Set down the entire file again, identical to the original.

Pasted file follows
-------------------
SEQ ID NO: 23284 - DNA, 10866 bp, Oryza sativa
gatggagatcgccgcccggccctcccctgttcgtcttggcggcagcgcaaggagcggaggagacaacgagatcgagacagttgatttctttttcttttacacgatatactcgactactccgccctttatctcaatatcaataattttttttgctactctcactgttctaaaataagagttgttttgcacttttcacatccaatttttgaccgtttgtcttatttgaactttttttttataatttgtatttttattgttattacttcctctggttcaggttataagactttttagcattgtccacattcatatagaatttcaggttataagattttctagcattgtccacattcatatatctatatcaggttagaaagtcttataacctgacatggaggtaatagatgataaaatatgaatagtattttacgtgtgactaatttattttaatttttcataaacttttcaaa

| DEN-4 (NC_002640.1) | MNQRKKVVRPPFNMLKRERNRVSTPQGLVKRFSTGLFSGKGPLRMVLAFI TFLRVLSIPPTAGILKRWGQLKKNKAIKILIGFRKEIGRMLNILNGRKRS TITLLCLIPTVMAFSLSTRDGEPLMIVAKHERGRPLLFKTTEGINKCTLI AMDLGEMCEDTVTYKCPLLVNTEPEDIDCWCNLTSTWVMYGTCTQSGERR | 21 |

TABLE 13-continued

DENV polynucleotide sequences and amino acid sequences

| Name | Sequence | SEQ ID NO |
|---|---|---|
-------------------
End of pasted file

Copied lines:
SEQ ID NO: 23284 - DNA, 10866 bp, Oryza sativa
gatggagatcgccgcccggccctcccctgttcgtcttggcggcagcgcaaggagcggaggagacaacgagatcgagacagttgatttctttttcttttacacgatatactcgactactccgccctttatctcaatatcaataattttttttgctactctcactgttctaaaataagagttgttttgcacttttcacatccaatttttgaccgtttgtcttatttgaactttttttttataatttgtatttttattgttattacttcctctggttcaggttataagactttttagcattgtccacattcatatagaatttcaggttataagattttctagcattgtccacattcatatatctatatcaggttagaaagtcttataacctgacatggaggtaatagatgataaaatatgaatagtattttacgtgtgactaatttattttaatttttcataaacttttcaaa

| DEN-4 (NC_002640.1) | MNQRKKVVRPPFNMLKRERNRVSTPQGLVKRFSTGLFSGKGPLRMVLAFI TFLRVLSIPPTAGILKRWGQLKKNKAIKILIGFRKEIGRMLNILNGRKRS TITLLCLIPTVMAFSLSTRDGEPLMIVAKHERGRPLLFKTTEGINKCTLI AMDLGEMCEDTVTYKCPLLVNTEPEDIDCWCNLTSTWVMYGTCTQSGERR | 21 |

TABLE 13-continued

DENV polynucleotide sequences and amino acid sequences

| Name | Sequence | SEQ ID NO |
|---|---|---|